Money, it’s a shame! We love Mint, and so should you.

“Money, so they say

Is the root of all evil today

But if you ask for a raise it’s no surprise

That they’re giving none away.” – Pink Floyd

So I did an article a few weeks back about my personal struggles with money. That posting boiled down a very practical book on personal finance into the five essential ingredients for getting on top of things:

  1. Plan for monthly bills and daily needs.
  2. Keep a running total of daily needs spending.
  3. Have a bill payment plan where bills are paid each month automatically
  4. Have a savings account for what you want and need
  5. Keep a record of all of the above.

You must do all these things to have any control over your money – no matter how much of an income you have.

The issue though came down to implementation. All of these things required time – something I have little of these days. So, were there tools out there that could help me?

First a few words about my personal relationship with finances. Money is a topic I find frightening and I tend to shy away from it – mainly because it’s just so depressing watching it pour out every month. I thought, well, some people seem to have a knack for it. I just don’t – and there’s no changing that. I just got used to being a colander or a sieve – and tried to earn as much as I could to balance things out.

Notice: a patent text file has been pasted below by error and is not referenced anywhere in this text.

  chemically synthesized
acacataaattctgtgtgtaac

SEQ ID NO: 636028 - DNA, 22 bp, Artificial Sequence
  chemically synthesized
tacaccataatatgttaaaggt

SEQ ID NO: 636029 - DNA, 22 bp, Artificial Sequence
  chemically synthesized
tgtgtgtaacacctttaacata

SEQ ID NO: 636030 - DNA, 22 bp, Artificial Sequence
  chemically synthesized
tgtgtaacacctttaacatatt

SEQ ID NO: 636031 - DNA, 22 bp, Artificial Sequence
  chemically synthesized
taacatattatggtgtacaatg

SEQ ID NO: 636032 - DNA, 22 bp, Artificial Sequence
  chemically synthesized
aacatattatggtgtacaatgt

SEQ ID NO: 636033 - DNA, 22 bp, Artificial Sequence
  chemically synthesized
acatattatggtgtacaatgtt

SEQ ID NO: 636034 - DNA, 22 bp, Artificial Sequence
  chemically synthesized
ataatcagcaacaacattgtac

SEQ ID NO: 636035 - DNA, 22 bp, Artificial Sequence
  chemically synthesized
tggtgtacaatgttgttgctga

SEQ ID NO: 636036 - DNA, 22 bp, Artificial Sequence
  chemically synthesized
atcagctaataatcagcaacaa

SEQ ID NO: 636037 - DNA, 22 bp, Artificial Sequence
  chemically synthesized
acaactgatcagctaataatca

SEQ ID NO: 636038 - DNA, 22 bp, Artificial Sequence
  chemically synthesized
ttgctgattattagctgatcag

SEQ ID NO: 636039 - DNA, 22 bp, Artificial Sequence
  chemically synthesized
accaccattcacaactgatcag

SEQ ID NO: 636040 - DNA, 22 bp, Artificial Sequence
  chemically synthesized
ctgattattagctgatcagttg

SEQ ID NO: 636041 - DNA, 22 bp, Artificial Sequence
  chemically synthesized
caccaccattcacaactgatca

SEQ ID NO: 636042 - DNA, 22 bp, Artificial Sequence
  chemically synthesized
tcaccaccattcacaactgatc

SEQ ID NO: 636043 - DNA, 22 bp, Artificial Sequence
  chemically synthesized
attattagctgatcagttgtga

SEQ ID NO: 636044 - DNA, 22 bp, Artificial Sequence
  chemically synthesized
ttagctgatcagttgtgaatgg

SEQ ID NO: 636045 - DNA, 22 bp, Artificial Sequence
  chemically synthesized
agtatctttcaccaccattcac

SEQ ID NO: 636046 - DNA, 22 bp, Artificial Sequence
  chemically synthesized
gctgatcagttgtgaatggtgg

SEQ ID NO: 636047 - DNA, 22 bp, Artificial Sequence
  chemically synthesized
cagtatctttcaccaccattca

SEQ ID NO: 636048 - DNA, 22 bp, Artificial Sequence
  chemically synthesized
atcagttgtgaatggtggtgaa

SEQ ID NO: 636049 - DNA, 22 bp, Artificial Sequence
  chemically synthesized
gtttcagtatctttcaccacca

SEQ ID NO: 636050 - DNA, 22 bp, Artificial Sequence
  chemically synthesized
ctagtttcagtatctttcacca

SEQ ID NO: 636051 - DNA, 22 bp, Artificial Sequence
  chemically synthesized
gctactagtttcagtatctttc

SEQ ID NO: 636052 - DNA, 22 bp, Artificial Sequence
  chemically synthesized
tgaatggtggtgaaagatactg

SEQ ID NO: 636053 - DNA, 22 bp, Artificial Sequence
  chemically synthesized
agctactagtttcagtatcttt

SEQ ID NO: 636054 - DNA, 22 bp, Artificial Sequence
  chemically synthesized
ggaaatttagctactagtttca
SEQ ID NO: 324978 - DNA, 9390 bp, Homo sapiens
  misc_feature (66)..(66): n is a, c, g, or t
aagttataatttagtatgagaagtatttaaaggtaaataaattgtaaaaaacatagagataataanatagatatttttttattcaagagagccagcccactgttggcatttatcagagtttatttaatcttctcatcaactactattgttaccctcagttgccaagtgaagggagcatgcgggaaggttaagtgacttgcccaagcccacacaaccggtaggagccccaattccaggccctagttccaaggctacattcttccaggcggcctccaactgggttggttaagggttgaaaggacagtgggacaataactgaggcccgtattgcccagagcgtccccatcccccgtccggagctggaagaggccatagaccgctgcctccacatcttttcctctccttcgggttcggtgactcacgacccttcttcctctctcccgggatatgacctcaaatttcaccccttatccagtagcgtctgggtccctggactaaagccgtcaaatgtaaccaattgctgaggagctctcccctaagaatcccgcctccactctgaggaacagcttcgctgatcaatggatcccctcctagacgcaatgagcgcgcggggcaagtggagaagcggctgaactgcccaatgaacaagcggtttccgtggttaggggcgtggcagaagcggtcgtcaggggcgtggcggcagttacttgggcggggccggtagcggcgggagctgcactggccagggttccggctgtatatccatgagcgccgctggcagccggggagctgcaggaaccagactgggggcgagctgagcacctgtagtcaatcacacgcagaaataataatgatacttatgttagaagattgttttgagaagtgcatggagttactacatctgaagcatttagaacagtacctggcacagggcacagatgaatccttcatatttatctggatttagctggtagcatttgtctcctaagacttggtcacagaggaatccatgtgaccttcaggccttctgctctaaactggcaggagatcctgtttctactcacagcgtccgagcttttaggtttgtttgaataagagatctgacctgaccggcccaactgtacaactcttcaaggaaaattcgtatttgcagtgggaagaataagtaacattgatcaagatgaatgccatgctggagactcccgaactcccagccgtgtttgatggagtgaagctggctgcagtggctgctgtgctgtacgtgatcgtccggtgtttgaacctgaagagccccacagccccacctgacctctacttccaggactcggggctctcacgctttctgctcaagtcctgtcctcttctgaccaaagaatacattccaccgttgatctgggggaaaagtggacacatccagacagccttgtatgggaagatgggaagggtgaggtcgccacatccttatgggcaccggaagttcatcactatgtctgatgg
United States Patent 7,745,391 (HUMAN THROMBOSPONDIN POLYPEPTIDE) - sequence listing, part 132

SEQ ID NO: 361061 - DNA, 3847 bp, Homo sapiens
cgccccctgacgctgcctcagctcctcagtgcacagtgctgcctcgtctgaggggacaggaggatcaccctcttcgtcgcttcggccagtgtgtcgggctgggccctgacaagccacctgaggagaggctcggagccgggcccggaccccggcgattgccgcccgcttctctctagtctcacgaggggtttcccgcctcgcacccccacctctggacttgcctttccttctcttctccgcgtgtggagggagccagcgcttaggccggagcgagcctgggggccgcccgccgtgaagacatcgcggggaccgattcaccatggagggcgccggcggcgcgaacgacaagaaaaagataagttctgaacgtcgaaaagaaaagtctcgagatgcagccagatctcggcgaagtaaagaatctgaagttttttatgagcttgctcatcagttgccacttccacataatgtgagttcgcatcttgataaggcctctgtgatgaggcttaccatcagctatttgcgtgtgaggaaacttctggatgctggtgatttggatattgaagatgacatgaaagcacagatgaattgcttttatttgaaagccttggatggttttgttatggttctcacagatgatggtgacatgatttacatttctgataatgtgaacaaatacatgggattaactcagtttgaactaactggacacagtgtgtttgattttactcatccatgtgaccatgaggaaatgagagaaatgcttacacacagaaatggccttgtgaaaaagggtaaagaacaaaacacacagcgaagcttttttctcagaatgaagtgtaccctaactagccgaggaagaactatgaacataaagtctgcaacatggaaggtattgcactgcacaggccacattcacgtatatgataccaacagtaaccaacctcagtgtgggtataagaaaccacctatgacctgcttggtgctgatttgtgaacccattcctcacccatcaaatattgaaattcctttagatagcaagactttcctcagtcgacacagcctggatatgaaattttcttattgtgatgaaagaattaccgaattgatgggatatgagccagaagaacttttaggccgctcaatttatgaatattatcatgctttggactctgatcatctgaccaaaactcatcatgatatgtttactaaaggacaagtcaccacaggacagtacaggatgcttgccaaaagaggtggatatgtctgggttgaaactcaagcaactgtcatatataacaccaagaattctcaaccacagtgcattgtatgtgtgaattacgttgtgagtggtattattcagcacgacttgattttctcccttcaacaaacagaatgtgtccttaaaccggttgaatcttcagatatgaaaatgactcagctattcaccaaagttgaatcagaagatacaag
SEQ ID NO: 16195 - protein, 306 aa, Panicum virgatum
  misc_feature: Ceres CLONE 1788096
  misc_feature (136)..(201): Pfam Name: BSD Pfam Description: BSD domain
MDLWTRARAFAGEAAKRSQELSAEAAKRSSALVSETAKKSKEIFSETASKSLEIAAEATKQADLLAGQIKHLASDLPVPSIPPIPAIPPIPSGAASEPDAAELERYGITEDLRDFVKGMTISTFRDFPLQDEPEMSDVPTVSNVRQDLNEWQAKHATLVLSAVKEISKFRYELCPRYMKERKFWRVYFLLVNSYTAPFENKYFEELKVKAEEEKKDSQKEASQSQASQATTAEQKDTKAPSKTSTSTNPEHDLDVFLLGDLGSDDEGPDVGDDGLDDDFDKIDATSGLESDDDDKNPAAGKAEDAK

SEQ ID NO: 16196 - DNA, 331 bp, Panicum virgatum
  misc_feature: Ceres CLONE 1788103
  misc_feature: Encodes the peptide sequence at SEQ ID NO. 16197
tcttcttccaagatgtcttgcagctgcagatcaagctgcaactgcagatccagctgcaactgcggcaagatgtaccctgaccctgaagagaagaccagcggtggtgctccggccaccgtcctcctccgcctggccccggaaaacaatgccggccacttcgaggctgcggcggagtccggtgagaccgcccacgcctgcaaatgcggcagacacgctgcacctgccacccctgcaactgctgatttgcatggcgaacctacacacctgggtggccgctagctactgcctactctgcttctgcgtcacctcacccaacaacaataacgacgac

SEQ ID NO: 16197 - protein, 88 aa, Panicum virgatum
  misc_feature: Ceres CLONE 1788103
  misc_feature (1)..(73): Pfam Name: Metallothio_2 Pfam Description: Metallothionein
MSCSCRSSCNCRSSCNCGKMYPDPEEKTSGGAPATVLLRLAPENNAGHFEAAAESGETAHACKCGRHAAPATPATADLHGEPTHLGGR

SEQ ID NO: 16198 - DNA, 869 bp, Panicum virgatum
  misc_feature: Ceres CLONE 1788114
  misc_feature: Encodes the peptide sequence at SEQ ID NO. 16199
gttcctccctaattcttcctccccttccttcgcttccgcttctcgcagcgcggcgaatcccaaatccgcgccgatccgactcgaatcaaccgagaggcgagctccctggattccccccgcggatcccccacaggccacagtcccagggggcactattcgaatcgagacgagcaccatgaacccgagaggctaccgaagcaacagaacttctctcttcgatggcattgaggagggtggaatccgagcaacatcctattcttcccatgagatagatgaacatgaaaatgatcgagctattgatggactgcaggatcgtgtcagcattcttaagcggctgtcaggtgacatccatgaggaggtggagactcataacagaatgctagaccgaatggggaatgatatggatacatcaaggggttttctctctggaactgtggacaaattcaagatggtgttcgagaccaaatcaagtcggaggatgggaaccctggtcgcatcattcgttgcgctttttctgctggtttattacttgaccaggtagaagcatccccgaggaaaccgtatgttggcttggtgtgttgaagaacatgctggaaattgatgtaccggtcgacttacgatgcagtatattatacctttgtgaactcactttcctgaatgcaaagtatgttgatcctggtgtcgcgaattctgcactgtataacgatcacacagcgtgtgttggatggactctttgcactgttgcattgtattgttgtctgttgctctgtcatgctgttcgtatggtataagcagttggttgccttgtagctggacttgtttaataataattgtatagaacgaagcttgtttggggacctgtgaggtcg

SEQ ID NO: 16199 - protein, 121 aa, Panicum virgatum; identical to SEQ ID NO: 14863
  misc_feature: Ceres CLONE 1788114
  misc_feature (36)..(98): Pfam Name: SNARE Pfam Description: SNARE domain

There’s a strong correlation between money and food (or alcohol, or anything else you can abuse or get addicted to). In my case, I would binge spend to feel better – the same way some people drink whiskey or food when things get most hopeless. The feeling of being out of control, of being a victim of circumstances beyond my control – a car bill or the dishwasher breaking setting us back once again – would start the spiral.


This morning we had a breakthrough. I think it’s the first time in twenty years of marriage that we’ve had a discussion about money and what we’ve spent without an argument. Here’s how it worked: